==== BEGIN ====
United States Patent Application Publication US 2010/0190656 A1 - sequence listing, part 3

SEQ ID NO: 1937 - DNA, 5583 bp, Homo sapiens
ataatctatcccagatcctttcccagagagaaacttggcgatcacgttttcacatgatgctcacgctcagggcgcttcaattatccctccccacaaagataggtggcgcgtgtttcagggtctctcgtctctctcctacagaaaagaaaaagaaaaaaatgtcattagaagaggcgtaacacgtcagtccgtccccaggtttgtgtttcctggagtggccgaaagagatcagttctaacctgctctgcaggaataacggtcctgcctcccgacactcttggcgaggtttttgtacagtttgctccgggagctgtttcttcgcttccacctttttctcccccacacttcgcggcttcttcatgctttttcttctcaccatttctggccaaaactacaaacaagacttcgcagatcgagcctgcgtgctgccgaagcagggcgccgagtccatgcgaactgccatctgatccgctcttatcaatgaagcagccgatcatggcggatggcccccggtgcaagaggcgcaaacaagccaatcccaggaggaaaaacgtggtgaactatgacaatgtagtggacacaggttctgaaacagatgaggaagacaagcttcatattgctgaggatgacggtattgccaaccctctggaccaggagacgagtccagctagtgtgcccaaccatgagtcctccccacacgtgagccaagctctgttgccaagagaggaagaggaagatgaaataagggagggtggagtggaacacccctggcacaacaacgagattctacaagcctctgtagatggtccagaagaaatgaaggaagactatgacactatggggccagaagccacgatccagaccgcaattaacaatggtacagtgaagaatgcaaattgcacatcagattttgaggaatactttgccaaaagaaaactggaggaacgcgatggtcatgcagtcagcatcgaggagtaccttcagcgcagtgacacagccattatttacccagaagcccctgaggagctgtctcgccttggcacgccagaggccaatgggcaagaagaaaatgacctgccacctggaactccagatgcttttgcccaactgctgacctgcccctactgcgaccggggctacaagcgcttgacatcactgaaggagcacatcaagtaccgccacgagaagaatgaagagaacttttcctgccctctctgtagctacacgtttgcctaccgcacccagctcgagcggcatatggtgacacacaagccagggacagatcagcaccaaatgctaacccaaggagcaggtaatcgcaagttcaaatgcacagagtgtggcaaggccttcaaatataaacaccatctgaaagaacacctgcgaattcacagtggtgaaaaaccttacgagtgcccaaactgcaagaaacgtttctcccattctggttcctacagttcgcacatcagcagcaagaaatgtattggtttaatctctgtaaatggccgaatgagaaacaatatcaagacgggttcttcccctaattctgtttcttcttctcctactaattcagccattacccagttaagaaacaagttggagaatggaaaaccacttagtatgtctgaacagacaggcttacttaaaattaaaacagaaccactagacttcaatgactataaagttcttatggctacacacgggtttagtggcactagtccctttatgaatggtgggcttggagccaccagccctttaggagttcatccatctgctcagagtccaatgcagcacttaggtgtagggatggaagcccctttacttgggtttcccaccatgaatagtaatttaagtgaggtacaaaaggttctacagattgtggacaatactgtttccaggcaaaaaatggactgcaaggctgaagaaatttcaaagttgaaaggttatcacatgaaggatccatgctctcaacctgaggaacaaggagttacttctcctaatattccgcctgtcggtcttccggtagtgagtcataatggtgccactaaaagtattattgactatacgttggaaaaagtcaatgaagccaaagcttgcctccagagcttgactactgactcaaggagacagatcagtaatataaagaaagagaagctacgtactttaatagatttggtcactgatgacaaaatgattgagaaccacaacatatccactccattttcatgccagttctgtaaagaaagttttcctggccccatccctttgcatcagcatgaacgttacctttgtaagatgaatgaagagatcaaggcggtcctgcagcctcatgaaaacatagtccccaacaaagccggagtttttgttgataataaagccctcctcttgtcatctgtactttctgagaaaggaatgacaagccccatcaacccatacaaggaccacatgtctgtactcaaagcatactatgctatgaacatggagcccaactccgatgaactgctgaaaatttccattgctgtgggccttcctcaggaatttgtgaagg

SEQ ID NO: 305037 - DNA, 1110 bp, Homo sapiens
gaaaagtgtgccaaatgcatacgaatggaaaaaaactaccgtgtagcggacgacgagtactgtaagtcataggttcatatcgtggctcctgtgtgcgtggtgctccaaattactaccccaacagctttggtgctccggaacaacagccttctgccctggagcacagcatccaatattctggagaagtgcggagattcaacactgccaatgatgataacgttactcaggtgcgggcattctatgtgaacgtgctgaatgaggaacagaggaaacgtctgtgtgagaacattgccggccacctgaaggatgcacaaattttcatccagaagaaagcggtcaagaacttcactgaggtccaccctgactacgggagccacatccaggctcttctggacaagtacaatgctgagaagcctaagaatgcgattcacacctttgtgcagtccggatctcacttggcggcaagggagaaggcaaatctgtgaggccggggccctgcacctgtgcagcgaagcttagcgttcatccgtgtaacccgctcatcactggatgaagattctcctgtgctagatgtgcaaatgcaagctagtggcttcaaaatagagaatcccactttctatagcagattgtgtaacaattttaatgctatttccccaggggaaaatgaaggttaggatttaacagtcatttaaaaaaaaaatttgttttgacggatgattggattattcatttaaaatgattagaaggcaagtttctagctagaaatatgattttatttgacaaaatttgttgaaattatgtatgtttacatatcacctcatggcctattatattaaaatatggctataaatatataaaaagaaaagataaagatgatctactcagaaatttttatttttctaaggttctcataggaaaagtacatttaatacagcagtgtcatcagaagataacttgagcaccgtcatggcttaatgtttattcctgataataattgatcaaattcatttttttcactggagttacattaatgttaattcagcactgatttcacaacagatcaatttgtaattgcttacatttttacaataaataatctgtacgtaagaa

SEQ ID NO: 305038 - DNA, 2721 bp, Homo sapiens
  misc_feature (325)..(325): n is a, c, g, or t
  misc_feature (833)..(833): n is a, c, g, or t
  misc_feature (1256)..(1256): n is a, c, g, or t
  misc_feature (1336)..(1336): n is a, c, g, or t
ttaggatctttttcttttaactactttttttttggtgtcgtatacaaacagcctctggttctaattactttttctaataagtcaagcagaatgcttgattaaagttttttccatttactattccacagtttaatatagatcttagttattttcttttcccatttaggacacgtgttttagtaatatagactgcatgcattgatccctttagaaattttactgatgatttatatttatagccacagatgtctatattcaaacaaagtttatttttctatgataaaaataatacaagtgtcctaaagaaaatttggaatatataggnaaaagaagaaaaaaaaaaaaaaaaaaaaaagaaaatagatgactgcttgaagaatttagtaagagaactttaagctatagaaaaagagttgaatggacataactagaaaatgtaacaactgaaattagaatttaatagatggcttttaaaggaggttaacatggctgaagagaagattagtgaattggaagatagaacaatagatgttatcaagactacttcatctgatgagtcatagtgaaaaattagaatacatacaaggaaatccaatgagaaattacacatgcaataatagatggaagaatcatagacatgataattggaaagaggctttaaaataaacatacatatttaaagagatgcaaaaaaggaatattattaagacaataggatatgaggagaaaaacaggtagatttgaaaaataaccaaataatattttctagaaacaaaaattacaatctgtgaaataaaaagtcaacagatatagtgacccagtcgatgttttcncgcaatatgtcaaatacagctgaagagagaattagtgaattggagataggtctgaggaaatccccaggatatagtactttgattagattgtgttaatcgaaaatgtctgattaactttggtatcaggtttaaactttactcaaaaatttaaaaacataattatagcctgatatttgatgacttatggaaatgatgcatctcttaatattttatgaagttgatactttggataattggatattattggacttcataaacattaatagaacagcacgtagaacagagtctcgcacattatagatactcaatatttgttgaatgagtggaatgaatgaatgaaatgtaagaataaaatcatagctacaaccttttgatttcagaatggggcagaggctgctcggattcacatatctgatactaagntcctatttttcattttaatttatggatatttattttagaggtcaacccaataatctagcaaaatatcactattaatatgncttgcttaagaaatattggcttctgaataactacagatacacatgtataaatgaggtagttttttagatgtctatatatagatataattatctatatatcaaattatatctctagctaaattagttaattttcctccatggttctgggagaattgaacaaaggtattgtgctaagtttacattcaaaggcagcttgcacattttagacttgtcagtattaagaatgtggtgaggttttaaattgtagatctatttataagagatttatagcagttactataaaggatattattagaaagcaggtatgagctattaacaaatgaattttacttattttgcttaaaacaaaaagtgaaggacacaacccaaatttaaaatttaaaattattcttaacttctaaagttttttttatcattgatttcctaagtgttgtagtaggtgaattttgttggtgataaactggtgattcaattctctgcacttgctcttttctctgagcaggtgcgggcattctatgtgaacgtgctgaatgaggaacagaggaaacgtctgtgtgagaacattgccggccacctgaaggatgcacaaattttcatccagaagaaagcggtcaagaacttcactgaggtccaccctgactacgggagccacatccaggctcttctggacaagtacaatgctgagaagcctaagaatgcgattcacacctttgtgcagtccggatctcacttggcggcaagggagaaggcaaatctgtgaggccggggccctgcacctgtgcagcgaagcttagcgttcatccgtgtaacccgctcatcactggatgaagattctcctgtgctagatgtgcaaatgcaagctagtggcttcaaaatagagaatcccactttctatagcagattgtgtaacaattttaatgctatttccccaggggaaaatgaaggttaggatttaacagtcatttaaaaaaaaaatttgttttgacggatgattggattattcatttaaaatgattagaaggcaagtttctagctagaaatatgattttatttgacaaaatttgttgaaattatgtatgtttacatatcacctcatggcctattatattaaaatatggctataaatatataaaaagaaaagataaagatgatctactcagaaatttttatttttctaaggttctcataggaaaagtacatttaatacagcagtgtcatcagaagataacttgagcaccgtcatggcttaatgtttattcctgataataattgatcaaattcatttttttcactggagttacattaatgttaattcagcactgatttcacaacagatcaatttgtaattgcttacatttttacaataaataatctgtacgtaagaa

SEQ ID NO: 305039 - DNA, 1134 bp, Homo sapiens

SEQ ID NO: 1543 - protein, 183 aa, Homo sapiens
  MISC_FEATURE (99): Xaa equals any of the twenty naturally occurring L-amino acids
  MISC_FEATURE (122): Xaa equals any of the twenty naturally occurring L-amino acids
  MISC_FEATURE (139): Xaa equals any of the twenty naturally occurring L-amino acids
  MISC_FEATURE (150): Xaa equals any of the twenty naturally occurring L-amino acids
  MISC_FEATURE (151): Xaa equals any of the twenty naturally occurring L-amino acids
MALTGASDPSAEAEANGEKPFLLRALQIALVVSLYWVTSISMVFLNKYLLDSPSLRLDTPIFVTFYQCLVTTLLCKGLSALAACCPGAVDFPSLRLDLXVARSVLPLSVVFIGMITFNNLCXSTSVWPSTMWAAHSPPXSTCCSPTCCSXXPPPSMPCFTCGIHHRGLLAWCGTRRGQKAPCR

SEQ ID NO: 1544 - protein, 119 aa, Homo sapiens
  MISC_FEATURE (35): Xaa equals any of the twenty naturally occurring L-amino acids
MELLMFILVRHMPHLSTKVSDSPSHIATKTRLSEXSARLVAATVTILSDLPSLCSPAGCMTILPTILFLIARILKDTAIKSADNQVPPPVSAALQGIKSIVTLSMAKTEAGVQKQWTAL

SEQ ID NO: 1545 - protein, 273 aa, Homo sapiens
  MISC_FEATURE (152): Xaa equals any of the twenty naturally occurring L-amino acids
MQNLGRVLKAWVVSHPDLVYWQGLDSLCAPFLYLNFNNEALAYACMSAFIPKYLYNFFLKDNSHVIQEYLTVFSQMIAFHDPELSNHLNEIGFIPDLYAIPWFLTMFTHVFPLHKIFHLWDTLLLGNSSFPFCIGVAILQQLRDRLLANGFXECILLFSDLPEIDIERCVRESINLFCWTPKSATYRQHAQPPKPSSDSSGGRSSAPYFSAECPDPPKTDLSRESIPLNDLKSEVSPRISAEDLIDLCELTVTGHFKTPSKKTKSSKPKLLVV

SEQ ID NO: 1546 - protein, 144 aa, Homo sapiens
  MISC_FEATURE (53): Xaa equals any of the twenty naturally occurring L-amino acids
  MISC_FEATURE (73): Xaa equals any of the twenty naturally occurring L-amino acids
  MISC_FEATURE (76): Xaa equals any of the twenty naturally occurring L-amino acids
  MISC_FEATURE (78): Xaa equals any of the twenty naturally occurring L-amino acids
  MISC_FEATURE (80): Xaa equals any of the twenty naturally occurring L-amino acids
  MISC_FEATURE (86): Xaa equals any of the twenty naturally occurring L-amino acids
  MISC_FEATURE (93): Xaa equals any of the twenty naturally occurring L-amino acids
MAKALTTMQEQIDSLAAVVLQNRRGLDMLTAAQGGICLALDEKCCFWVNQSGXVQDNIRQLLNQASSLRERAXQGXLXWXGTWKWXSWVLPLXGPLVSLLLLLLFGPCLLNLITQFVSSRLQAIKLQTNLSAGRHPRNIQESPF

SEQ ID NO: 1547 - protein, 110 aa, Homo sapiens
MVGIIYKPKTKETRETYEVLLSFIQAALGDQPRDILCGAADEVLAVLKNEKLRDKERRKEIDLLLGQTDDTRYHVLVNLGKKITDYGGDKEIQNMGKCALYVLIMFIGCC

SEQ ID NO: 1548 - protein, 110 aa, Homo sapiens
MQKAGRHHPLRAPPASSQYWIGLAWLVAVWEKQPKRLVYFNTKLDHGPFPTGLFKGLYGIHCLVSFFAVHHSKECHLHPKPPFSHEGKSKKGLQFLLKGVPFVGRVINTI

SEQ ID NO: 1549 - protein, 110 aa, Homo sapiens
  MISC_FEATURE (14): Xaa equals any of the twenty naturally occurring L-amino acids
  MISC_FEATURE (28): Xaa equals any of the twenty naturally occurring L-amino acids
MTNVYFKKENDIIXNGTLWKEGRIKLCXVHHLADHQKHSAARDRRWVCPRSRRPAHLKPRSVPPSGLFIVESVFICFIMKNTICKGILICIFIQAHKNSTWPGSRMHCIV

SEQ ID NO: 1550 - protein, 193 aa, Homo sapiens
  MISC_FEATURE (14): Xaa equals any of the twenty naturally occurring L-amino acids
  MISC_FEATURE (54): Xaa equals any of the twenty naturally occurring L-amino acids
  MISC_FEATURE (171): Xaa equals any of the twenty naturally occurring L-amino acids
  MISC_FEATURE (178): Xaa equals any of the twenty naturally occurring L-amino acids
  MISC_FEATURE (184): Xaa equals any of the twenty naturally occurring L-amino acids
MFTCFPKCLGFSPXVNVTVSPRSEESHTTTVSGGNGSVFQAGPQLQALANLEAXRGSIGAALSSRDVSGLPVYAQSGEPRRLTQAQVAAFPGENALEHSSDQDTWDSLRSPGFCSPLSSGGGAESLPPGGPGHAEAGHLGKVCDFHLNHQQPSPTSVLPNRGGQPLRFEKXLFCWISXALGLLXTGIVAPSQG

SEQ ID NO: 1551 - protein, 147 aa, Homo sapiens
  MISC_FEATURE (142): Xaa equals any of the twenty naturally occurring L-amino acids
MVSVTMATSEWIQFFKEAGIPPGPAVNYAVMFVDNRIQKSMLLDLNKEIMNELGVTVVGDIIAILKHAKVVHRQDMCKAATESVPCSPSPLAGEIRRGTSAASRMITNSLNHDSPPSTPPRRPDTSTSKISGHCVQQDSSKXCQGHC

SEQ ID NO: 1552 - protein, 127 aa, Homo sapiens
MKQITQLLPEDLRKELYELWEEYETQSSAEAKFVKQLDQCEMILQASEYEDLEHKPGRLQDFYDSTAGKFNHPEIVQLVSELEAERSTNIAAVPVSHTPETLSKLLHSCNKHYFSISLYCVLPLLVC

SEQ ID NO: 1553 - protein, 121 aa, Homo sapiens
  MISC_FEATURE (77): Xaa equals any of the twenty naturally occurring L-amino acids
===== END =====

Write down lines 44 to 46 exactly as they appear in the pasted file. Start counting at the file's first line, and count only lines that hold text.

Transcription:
  MISC_FEATURE (14): Xaa equals any of the twenty naturally occurring L-amino acids
  MISC_FEATURE (54): Xaa equals any of the twenty naturally occurring L-amino acids
  MISC_FEATURE (171): Xaa equals any of the twenty naturally occurring L-amino acids